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Sunday, 23 June 2013

Dorothy Day: True Security


File:Dorothy Day 1934.jpg

Dorothy Day: photographer unknown, 1934 (New York World Telegram & Sun Collection, Library of Congress)

The only way to live in any true security is to live so close to the bottom that when you fall you do not have far to drop, you do not have much to lose.

 -- Dorothy Day (1897-1980), from Loaves and Fishes, 1967

But I am sure that God did not intend that there be so many poor. The class structure is of our making and our consent, not His. It is the way we have arranged it, and it is up to us to change it. So we are urging revolutionary change.

-- from "Poverty Is to Care and Not to Care," Catholic Worker, April 1953

When people are standing up for our present rotten system, they are being worse than Communists, it seems to me. (2 March 1945)

I too complain ceaselessly in my heart and in my words too. My very life is a protest. Against government, for instance. (8 August 1974)


-- from The Duty of Delight: The Diaries of Dorothy Day, ed. Robert Ellsberg, 2008

We have all known the long loneliness and we have learned that the only solution is love and that love comes with community.

-- from The Long Loneliness: The Autobiography of Dorothy Day, 1952

File:Dorothy Day 1916.jpg

Dorothy Day: photographer unknown, 1916 (Corbis)

Young Dorothy Day: photographer unknown, n.d. (courtesy of Jim Forest)

Dorothy Day with Rose and Walter Carmen on the beach, Chicago: photographer unknown, 1923 (courtesy of Jim Forest)

Dorothy Day sweeping: photographer unknown, n.d.(courtesy of Jim Forest)

Dorothy Day with daughter Tamar (b. 1926): photographer unknown, n.d.(courtesy of Jim Forest)

What Price Love? one of Dorothy Day's serialized novels, written for sustenance during her daughter Tamar's infancy, Chicago Herald and Examiner: image courtesy of Jim Forest

Dorothy Day letter to Llewellyn Jones, literary editor, Chicago Evening Post, 25 May 1925: image courtesy of Jim Forest

Dorothy Day letter to Llewellyn Jones, literary editor, Chicago Evening Post, Labor Day 1926: image courtesy of Jim Forest

When Dr. Stern wanted to know whether I was an alcoholic, when Dwight Macdonald asked me seriously whether I drank longshoremen under the table -- I can only confess that yes, I did "fling roses with the throng." (22 April 1958)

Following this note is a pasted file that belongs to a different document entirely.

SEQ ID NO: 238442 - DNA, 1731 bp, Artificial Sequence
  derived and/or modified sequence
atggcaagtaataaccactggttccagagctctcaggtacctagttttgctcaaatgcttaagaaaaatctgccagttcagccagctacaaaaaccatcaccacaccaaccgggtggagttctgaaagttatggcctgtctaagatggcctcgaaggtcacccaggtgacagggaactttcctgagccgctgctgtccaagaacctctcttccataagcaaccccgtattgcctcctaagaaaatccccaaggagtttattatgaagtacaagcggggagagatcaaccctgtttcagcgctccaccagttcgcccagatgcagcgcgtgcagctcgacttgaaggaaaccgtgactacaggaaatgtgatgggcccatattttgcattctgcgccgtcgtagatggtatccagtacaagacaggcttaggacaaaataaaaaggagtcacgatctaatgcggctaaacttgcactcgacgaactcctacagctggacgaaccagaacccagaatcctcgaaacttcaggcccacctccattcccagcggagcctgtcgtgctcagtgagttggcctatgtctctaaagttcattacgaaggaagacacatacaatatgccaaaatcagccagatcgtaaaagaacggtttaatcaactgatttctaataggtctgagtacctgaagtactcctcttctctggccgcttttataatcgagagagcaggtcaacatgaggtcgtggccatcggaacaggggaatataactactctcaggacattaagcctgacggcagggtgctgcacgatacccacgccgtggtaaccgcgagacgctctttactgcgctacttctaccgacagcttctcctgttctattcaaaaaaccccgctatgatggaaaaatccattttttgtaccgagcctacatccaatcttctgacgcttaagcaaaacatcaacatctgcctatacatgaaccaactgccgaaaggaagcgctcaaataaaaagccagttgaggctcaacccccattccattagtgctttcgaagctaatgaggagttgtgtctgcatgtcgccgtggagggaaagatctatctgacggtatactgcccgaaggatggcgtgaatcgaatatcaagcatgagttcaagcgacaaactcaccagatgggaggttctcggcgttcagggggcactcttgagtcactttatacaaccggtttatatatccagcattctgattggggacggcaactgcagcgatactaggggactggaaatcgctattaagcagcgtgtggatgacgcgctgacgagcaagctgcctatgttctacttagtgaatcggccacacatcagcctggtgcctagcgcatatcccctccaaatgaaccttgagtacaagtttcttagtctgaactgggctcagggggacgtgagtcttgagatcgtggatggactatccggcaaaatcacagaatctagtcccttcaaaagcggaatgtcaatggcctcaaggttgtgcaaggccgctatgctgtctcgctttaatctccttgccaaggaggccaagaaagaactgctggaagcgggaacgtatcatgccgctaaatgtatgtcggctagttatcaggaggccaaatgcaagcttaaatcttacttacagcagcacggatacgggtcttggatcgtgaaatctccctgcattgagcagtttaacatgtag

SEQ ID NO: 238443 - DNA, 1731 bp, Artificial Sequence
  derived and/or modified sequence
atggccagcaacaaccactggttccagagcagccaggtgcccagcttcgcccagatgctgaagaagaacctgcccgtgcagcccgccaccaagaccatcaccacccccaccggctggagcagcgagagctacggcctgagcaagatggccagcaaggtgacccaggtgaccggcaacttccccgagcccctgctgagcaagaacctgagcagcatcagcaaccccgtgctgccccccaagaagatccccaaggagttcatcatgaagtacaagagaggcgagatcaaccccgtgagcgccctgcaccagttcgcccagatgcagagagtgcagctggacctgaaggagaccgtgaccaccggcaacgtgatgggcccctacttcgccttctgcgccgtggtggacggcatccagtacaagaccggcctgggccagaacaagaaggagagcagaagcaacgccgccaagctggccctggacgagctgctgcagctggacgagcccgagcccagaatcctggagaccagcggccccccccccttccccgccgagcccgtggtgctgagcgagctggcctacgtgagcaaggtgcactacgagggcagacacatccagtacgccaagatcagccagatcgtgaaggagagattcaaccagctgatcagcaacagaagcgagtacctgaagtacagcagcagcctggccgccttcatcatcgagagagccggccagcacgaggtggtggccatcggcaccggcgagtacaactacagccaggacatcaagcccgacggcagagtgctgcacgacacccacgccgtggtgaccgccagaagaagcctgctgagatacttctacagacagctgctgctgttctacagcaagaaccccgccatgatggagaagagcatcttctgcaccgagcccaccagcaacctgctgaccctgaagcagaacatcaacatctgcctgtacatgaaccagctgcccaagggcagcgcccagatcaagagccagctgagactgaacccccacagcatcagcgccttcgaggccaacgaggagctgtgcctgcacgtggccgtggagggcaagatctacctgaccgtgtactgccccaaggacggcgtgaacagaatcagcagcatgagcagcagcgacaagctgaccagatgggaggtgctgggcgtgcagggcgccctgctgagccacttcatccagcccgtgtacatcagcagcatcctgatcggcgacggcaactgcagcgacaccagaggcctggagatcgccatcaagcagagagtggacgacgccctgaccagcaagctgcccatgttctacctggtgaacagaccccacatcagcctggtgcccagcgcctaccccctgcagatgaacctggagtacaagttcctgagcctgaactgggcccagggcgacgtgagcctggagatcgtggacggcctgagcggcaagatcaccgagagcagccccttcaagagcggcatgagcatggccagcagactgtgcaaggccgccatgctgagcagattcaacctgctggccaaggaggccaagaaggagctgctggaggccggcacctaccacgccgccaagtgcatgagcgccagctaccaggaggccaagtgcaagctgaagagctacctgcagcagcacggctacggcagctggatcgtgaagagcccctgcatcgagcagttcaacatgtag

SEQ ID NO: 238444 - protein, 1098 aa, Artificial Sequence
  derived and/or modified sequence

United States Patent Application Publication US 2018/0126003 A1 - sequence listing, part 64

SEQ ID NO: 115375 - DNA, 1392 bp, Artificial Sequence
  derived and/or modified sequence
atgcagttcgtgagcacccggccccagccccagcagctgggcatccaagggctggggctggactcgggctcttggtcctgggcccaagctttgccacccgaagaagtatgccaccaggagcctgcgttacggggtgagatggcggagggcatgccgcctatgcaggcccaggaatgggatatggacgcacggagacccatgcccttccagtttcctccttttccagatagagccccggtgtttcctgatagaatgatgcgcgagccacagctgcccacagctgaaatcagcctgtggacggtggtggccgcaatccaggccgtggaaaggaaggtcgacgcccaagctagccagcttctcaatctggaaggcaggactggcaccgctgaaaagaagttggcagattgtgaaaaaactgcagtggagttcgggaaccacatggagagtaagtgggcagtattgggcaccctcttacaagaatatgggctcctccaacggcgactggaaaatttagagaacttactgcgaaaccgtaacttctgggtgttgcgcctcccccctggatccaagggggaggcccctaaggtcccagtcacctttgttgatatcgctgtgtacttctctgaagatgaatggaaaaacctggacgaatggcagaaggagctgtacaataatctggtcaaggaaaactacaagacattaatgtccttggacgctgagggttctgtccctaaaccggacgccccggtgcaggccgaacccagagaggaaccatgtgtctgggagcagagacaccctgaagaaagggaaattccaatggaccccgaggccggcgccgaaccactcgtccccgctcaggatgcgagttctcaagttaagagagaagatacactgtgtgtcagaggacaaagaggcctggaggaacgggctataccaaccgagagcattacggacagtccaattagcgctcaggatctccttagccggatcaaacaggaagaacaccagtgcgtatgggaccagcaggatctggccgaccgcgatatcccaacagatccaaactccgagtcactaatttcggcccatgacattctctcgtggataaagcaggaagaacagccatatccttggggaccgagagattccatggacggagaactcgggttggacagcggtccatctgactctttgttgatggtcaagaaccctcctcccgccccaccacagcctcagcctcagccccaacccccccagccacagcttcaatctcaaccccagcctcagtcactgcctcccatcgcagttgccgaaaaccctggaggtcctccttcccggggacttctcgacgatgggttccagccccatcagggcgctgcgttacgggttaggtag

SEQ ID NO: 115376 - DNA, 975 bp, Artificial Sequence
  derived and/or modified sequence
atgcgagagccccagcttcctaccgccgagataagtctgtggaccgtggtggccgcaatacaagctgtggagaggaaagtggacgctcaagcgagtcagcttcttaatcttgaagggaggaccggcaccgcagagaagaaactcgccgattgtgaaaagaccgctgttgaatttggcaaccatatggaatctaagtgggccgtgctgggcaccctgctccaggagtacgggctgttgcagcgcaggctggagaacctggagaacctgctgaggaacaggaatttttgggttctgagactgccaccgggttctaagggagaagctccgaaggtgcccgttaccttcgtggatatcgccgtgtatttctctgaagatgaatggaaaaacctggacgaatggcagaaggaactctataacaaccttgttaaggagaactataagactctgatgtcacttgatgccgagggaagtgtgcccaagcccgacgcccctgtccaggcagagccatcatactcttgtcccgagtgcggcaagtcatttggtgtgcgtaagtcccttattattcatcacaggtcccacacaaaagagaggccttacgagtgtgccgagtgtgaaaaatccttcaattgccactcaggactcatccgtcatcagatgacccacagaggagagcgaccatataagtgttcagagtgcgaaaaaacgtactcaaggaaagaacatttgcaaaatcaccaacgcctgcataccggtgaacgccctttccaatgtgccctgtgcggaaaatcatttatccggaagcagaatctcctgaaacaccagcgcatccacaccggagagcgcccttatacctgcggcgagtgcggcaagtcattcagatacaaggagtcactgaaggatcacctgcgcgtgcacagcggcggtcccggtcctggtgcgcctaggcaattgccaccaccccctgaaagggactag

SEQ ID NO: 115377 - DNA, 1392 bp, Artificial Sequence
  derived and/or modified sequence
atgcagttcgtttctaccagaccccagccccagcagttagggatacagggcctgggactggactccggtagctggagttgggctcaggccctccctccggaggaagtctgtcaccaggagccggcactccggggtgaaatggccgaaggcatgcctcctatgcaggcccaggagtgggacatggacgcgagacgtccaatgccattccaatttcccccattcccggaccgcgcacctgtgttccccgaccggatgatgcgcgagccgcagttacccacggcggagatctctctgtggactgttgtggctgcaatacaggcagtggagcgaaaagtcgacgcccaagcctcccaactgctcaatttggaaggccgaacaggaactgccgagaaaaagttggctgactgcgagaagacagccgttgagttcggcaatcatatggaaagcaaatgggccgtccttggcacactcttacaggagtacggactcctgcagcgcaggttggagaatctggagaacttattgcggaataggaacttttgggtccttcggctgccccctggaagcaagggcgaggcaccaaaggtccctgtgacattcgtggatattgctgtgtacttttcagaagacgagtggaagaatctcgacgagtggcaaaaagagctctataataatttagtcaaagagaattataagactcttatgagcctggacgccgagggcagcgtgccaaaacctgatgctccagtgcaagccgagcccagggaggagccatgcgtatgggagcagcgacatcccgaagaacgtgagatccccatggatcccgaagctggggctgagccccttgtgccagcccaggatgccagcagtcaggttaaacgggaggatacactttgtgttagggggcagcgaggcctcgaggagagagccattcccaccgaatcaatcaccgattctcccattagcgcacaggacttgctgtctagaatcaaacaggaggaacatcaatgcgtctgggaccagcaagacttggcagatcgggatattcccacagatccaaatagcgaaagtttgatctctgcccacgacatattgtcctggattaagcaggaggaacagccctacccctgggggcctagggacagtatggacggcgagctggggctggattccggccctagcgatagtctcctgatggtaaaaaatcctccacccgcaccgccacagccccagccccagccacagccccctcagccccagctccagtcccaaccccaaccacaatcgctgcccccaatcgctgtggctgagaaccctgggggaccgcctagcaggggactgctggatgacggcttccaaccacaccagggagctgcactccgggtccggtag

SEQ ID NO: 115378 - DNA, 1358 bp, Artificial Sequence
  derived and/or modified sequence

-- from The Duty of Delight: The Diaries of Dorothy Day, ed. Robert Ellsberg, 2008

Dorothy Day reading: photo courtesy of Jim Forest, n.d., from Jim Forest: All Is Grace: A Biography of Dorothy Day, 2011 (via Catholic Worker Journal)

Dorothy Day: photographer unknown, n.d.(courtesy of Jim Forest)

Dorothy Day participates in peace demonstration, New York City: photographer unknown, 17 April 1959 (courtesy of Jim Forest)

Refusing to take shelter, Dorothy Day participates in civil defense drill protest at City Hall Park, Manhattan; Ammon Hennecy, carrying a picket sign, is behind her: photo by Mottke Weissman, 1960, from Dorothy Day: Loaves and Fishes, 1967 (courtesy of Jim Forest/Catholic Worker Archive, Marquette University)

Dorothy Day at draft card burning, Union Square, New York City.: photographer unknown, 3 November 1965 (courtesy of Jim Forest)

Dorothy Day at Catholic Worker in Manhattan: photo by Meyer Liebowitz for New York Times, 1972 (courtesy of Jim Forest)

Cesar Chavez, Coretta Scott King, Dorothy Day: photographer unknown, c. 1973 (courtesy of Jim Forest)

Dorothy Day, United Farm Workers protest, Lamont, California, 1973: photographer unknown, 1973 (courtesy of Jim Forest)

Dorothy Day, age 75, with the dress she wore during her last time in jail, a ten-day stay following arrest during protest to support the efforts of Cesar Chavez to provide justice for farm laborers in the fields of California; dress is signed by fellow inmates: photo by Jack Payden-Travers, 1973 (courtesy of Jim Forest)